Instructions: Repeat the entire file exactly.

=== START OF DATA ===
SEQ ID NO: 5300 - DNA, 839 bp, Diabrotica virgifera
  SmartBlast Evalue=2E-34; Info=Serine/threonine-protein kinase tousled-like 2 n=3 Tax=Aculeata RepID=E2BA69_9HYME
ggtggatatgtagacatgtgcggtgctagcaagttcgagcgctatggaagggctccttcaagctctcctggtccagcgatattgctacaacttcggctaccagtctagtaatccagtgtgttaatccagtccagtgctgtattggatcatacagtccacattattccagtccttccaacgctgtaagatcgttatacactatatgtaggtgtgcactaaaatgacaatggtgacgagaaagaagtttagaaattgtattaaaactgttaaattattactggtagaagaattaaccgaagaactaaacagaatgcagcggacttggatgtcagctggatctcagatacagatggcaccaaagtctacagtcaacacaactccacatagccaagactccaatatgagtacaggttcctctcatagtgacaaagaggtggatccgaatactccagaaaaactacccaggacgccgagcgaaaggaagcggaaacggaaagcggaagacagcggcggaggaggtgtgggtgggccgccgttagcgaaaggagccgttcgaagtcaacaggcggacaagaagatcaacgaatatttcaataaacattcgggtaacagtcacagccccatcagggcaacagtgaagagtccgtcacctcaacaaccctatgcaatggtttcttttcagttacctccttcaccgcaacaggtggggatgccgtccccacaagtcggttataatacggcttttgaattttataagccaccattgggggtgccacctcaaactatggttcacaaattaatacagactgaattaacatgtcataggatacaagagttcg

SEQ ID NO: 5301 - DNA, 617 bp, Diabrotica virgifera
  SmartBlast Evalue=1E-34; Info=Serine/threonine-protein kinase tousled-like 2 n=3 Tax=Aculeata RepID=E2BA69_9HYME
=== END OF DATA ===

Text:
SEQ ID NO: 5300 - DNA, 839 bp, Diabrotica virgifera
  SmartBlast Evalue=2E-34; Info=Serine/threonine-protein kinase tousled-like 2 n=3 Tax=Aculeata RepID=E2BA69_9HYME
ggtggatatgtagacatgtgcggtgctagcaagttcgagcgctatggaagggctccttcaagctctcctggtccagcgatattgctacaacttcggctaccagtctagtaatccagtgtgttaatccagtccagtgctgtattggatcatacagtccacattattccagtccttccaacgctgtaagatcgttatacactatatgtaggtgtgcactaaaatgacaatggtgacgagaaagaagtttagaaattgtattaaaactgttaaattattactggtagaagaattaaccgaagaactaaacagaatgcagcggacttggatgtcagctggatctcagatacagatggcaccaaagtctacagtcaacacaactccacatagccaagactccaatatgagtacaggttcctctcatagtgacaaagaggtggatccgaatactccagaaaaactacccaggacgccgagcgaaaggaagcggaaacggaaagcggaagacagcggcggaggaggtgtgggtgggccgccgttagcgaaaggagccgttcgaagtcaacaggcggacaagaagatcaacgaatatttcaataaacattcgggtaacagtcacagccccatcagggcaacagtgaagagtccgtcacctcaacaaccctatgcaatggtttcttttcagttacctccttcaccgcaacaggtggggatgccgtccccacaagtcggttataatacggcttttgaattttataagccaccattgggggtgccacctcaaactatggttcacaaattaatacagactgaattaacatgtcataggatacaagagttcg

SEQ ID NO: 5301 - DNA, 617 bp, Diabrotica virgifera
  SmartBlast Evalue=1E-34; Info=Serine/threonine-protein kinase tousled-like 2 n=3 Tax=Aculeata RepID=E2BA69_9HYME